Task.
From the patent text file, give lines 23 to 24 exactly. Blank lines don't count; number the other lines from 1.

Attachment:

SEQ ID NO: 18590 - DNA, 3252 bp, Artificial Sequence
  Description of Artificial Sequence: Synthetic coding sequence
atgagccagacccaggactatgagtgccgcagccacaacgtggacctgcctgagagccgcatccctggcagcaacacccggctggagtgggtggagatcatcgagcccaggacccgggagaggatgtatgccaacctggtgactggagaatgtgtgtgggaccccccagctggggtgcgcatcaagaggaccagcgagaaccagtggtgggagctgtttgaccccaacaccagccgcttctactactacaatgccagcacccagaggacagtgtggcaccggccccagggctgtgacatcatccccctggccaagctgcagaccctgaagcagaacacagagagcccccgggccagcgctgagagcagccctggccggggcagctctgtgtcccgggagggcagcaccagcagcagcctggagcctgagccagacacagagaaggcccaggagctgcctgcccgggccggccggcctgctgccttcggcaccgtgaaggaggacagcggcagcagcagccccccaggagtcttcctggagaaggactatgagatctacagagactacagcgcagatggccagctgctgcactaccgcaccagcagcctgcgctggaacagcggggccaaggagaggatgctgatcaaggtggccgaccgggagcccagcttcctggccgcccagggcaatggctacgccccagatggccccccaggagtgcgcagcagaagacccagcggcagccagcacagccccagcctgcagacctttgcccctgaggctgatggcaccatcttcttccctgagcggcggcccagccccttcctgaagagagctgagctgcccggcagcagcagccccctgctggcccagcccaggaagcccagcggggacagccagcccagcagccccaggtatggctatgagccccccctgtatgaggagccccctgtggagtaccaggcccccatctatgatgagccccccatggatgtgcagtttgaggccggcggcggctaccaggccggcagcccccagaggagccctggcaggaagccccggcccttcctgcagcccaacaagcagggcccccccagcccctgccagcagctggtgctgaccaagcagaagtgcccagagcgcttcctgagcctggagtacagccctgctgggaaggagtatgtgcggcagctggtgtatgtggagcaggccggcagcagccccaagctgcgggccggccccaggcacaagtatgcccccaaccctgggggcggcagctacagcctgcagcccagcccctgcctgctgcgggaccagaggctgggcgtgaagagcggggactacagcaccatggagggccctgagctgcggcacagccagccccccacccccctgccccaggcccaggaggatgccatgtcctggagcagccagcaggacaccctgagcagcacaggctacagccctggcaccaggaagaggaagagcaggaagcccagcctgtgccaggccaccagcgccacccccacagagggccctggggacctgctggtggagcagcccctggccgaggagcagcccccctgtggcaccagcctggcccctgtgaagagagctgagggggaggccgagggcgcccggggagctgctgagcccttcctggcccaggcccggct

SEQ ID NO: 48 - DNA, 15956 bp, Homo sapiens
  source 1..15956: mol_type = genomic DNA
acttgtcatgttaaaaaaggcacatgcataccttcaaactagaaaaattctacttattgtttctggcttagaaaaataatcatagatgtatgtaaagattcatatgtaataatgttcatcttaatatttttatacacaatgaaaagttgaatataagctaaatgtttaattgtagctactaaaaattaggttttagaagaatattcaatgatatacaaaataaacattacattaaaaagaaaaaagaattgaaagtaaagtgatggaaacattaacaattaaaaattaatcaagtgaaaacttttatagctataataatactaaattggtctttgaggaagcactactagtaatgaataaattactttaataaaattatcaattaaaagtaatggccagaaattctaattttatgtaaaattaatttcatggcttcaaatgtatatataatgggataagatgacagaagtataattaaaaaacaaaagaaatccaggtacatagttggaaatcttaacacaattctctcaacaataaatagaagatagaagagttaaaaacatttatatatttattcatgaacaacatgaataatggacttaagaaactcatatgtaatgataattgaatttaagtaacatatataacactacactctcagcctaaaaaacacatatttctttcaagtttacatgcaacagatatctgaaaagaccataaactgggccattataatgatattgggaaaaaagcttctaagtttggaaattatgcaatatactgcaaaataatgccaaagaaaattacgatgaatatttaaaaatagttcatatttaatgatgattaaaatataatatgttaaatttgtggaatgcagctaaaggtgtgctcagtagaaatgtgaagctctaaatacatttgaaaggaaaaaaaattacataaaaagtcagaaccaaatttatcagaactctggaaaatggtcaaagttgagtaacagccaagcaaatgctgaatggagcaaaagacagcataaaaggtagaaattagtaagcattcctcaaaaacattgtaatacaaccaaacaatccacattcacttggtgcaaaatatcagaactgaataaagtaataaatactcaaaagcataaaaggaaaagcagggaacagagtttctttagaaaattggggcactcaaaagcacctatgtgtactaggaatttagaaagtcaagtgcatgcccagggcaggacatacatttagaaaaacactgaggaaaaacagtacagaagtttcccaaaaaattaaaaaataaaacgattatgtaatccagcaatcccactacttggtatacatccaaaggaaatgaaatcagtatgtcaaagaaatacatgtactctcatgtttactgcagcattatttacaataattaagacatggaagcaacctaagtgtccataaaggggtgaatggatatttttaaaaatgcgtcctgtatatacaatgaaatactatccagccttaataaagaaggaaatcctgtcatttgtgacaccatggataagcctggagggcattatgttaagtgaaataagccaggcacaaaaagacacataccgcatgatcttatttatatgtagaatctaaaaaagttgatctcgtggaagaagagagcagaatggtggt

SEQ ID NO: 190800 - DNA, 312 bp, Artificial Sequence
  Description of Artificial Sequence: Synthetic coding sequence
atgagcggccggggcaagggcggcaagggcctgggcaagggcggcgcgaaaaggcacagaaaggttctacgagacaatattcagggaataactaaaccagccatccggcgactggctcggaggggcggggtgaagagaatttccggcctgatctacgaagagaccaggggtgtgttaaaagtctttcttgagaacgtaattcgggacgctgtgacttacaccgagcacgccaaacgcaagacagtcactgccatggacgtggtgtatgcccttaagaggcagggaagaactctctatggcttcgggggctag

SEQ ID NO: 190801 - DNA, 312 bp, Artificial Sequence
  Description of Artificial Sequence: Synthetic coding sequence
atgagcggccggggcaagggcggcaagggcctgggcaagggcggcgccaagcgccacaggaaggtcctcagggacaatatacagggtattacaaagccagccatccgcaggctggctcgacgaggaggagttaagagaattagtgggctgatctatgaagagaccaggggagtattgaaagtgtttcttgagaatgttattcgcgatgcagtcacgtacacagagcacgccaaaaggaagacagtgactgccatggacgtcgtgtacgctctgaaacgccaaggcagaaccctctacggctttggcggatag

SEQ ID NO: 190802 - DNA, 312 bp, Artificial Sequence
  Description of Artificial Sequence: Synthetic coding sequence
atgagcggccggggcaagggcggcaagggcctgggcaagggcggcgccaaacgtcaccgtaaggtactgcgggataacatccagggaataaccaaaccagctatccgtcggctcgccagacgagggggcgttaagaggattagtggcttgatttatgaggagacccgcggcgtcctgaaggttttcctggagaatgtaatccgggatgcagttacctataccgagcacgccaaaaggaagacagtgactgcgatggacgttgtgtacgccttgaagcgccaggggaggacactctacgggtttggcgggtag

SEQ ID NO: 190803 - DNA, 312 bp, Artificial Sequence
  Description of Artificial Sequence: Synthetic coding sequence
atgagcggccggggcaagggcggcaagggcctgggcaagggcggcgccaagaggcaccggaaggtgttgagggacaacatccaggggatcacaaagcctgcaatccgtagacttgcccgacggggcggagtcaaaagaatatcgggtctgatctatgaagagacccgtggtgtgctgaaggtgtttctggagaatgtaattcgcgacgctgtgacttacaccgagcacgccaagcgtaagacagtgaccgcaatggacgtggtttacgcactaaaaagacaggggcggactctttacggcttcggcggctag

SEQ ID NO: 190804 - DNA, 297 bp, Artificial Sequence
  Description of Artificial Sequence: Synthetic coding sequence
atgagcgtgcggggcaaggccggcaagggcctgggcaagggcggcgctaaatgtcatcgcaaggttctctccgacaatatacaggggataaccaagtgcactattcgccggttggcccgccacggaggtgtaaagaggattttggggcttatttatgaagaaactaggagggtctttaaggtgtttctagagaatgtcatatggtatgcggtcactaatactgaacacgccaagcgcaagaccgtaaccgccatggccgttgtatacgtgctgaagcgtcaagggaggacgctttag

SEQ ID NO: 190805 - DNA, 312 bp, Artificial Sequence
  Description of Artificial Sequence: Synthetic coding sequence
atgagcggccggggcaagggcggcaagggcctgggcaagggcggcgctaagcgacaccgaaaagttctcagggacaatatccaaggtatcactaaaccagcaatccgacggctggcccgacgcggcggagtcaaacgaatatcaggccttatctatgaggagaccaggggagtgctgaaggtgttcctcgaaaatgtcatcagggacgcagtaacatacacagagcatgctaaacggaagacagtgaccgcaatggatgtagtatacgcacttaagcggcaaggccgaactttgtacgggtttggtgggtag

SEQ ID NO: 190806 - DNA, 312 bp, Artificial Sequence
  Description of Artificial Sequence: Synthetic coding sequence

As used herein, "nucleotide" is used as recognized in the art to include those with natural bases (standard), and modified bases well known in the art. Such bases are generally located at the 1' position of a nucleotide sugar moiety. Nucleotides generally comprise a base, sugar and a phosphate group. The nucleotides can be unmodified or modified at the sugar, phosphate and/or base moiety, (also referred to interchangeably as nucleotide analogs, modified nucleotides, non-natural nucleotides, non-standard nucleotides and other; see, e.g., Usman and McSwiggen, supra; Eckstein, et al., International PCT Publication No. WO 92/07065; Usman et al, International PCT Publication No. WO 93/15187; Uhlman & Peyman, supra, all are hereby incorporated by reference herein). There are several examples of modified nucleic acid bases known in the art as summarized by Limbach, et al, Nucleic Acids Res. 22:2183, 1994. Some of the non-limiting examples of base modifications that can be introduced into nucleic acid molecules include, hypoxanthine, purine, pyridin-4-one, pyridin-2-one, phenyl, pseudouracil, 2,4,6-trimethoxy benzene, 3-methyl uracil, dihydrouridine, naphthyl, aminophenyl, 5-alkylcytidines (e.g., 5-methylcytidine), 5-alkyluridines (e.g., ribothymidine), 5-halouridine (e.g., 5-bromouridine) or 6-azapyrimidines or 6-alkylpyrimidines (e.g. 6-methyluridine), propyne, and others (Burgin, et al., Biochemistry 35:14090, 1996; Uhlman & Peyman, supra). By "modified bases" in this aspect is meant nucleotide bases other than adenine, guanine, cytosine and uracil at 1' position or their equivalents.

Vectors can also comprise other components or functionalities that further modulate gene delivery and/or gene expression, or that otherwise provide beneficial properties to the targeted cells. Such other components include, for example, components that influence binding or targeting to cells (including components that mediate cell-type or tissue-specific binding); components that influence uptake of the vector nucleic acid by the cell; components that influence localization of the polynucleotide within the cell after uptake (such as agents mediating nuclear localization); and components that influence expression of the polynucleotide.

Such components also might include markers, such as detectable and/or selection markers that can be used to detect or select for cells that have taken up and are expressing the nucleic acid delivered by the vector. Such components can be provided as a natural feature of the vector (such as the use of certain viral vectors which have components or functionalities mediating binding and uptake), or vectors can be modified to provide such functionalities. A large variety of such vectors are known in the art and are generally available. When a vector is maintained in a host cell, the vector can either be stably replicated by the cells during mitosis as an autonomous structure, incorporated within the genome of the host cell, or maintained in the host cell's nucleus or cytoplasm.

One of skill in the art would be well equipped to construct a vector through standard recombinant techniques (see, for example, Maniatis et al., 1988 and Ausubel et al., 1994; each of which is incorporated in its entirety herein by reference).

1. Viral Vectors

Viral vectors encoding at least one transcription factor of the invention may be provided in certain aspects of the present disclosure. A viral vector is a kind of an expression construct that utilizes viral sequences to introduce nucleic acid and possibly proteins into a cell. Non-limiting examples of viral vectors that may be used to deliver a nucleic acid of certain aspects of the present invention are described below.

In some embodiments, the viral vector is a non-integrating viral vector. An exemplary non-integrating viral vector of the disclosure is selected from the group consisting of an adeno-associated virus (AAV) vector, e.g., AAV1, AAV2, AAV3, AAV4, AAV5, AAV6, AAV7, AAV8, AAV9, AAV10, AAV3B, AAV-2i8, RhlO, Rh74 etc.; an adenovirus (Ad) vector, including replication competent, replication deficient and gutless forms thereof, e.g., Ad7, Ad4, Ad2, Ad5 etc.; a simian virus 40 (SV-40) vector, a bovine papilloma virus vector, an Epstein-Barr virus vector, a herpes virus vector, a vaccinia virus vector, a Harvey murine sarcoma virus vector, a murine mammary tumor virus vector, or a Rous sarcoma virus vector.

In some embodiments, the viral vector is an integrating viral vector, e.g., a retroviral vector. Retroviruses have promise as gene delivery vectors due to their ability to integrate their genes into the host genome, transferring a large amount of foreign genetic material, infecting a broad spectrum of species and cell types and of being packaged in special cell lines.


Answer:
  Description of Artificial Sequence: Synthetic coding sequence
atgagcggccggggcaagggcggcaagggcctgggcaagggcggcgctaagcgacaccgaaaagttctcagggacaatatccaaggtatcactaaaccagcaatccgacggctggcccgacgcggcggagtcaaacgaatatcaggccttatctatgaggagaccaggggagtgctgaaggtgttcctcgaaaatgtcatcagggacgcagtaacatacacagagcatgctaaacggaagacagtgaccgcaatggatgtagtatacgcacttaagcggcaaggccgaactttgtacgggtttggtgggtag